In a recent editorial, Jean-Louis Gassée. former president of the Apple Products Division (and now a general partner for Allegis Capital), said in a “Monday Note” column (http://macte.ch/ZHgnV) that the “PC market is in its twilight.” I beg to differ, though, to be honest, Gassée doesn’t say the PC is heading for extinction.
Gassée says ARM continues to out-maneuver Intel on the power-efficiency front. He writes that the PC market is in its twilight, “with mobile devices proliferating and stealing growth from the PC.” Gassée thinks that we’ll see ARM processors such as those in iOS devices on entry level Macs and “maybe” on middle-of-the-line Macs.
However, he points out that there’s no roadmap for ARM chips to handle the high-end, for media creation and editing. What about Photoshop, FinalCut, and other applications, including CAD where the Mac is getting back in the game? There’s no roadmap for ARM chips to beat Intel in these and other computationally intensive areas, Gassée points out.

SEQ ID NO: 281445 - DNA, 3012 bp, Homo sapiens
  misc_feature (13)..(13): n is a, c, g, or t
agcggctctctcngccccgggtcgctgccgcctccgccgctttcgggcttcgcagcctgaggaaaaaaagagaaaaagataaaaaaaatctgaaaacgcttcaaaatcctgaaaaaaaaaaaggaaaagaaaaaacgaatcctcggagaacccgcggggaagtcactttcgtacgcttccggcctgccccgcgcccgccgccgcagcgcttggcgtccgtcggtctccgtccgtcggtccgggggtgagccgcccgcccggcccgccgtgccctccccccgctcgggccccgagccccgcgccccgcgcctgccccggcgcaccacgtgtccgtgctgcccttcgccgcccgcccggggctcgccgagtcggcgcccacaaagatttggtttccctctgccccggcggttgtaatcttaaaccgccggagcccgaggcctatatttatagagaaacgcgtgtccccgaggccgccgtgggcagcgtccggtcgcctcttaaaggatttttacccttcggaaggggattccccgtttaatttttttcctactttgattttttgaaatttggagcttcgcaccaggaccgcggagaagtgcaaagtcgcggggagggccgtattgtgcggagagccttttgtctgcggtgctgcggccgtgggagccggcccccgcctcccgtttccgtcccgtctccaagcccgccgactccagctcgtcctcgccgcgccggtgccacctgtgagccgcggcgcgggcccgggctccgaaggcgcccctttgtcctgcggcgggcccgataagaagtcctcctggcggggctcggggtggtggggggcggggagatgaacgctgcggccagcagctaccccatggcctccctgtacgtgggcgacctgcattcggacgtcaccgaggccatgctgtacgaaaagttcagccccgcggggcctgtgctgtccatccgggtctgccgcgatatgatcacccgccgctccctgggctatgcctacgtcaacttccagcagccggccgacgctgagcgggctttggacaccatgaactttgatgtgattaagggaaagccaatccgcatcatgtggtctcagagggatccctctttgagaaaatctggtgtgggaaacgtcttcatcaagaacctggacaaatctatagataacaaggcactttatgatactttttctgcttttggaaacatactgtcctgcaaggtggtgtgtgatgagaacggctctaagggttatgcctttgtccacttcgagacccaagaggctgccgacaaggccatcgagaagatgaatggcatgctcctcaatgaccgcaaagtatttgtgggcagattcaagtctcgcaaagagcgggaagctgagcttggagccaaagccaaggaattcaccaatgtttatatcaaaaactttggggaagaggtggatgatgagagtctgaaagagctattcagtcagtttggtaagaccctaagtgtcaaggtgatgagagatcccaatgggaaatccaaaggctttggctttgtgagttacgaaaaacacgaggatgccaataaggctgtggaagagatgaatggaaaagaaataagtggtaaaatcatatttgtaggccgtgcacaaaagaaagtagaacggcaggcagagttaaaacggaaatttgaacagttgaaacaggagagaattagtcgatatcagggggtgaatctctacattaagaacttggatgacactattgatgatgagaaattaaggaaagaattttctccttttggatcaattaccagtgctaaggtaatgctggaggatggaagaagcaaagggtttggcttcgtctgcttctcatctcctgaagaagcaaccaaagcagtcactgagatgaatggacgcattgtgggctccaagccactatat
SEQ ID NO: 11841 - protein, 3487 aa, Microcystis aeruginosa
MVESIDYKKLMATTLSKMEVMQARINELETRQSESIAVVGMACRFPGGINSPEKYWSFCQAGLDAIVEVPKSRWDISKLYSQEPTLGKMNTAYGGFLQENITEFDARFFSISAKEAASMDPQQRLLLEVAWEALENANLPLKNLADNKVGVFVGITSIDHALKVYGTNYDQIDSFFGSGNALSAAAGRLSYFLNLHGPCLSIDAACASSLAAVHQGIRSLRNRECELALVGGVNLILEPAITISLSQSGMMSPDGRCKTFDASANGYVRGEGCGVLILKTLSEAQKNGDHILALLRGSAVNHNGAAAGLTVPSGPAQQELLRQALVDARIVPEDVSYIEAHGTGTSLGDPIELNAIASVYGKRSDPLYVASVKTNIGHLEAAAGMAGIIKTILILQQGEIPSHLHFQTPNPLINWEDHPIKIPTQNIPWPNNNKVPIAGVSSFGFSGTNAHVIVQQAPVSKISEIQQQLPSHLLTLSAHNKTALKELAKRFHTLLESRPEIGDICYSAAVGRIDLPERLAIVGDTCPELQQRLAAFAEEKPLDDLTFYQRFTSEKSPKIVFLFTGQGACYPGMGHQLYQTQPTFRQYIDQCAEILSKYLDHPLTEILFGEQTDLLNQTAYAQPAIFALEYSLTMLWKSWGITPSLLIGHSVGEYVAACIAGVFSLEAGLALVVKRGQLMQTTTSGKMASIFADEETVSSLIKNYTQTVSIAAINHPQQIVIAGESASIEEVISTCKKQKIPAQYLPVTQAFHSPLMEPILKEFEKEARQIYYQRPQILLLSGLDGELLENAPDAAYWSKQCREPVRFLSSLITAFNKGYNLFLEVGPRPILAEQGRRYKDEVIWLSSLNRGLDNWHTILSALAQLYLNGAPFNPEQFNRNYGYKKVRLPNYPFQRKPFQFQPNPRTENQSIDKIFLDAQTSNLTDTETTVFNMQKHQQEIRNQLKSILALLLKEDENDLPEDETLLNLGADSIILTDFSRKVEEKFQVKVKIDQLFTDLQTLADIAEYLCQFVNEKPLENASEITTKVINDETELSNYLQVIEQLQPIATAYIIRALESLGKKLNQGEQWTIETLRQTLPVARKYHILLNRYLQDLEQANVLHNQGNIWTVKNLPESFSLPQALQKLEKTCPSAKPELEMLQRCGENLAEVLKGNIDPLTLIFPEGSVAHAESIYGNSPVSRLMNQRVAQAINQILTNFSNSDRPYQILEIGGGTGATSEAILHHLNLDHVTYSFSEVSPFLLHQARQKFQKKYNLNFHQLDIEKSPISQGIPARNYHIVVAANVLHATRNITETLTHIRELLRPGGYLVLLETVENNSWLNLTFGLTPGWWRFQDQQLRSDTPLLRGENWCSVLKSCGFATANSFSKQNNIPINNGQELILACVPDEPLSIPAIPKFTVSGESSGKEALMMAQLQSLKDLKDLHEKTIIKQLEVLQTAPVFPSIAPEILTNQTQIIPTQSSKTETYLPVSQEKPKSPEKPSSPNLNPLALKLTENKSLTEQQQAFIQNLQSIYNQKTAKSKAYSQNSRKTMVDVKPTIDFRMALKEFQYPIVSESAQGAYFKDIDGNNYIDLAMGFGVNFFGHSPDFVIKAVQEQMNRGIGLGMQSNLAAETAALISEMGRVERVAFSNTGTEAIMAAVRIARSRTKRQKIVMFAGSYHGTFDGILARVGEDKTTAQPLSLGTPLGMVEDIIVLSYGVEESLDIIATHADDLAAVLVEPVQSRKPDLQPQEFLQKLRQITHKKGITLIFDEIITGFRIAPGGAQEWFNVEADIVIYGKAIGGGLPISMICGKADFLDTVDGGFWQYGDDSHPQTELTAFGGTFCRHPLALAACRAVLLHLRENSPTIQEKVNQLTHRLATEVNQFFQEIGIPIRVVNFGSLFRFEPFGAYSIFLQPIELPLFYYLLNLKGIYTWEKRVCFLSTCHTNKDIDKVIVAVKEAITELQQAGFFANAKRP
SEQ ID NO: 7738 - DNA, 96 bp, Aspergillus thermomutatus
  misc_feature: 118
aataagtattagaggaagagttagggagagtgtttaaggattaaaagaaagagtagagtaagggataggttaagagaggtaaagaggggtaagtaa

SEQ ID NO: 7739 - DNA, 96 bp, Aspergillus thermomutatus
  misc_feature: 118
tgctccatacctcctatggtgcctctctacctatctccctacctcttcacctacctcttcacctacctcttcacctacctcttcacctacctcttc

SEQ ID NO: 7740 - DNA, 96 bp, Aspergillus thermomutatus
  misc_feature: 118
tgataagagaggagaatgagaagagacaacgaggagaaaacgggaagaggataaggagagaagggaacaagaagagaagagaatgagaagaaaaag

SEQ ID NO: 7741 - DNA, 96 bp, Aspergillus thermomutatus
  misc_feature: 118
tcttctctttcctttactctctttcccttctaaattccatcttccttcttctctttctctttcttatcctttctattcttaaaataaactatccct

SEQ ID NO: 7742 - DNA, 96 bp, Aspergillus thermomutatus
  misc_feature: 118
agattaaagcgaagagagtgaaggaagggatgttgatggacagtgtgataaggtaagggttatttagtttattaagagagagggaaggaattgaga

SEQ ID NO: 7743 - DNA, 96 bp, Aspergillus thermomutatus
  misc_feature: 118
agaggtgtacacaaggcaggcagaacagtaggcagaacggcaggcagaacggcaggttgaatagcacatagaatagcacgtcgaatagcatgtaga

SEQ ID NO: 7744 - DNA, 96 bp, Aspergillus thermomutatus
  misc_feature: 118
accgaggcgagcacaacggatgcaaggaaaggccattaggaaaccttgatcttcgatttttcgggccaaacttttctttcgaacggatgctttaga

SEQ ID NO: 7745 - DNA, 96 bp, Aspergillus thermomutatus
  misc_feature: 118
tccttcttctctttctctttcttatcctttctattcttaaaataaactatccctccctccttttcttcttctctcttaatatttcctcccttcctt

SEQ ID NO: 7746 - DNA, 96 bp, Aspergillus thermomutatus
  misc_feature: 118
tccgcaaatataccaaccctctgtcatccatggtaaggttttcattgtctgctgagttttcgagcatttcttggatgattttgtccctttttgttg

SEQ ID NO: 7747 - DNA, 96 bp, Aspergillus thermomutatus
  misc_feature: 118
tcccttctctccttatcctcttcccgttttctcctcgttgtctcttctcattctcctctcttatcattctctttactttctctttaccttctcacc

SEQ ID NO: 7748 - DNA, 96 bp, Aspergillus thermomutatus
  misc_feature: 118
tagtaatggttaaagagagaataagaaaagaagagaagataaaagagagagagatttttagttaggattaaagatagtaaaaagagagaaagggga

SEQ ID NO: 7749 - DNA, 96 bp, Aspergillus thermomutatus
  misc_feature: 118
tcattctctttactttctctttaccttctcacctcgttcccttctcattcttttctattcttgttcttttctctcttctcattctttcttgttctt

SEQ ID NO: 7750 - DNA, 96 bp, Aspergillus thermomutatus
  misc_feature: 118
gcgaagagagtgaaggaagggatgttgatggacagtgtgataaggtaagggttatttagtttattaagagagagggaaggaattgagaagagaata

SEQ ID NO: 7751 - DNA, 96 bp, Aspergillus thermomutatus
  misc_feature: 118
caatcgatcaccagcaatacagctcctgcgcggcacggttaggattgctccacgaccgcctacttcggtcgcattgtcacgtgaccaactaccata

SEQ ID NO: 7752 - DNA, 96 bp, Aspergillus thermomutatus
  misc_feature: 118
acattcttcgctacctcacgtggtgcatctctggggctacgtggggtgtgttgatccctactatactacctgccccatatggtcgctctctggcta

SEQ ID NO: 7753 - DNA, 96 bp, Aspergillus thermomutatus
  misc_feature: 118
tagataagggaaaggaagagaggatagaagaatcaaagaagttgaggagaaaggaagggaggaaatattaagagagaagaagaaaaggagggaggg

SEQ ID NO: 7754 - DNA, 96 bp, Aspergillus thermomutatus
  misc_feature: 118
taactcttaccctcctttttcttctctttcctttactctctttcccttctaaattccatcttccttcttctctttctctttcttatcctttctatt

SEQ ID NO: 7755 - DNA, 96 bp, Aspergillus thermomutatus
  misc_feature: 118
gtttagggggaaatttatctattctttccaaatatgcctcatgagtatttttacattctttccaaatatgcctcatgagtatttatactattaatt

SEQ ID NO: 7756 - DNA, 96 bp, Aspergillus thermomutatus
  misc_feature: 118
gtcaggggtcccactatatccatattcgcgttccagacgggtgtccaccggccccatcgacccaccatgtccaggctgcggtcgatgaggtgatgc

“… will Apple abandon the faster x86 processors at the high end just to avoid the kind of forking that awaits Windows in its own move to ARM?” he writes. “If not, we’ll again see Universal applications (a.k.a. fat binaries–two versions inside the same container), just as we did with the PowerPC to x86 transition. Microsoft is doing it because it must; Apple did it because the PowerPC didn’t have a future.”
The way I see it is that consumer devices such as the iPad will replace products — laptops, netbooks, ebook readers and more — for folks that use them infrequently. For computer intensive tasks, the traditional computer will remain the most viable option. iPads and their ilk will be supplementary products, not replacement products for computers.
Also, let’s look at how the Mac is doing. The Apple computer line has seen 20 consecutive quarters of growth higher than the industry norm. Mac unit sales grew by 28% year-on-year in the first quarter of 2011, even as the PC market contracted by 3%.
Needham’s analyst Charles Wolf said last year that his findings confirm that Mac shipments continue to outpace industry growth. The Macs grew at 49.8%, three times higher than the market’s 15.7 percent. In the period, Mac shipments in (US) government grew 200%, sixteen times faster than the market’s 12.1%, Wolf said.
Doesn’t sound like a product that’s in its twilight to me….
— Dennis Sellers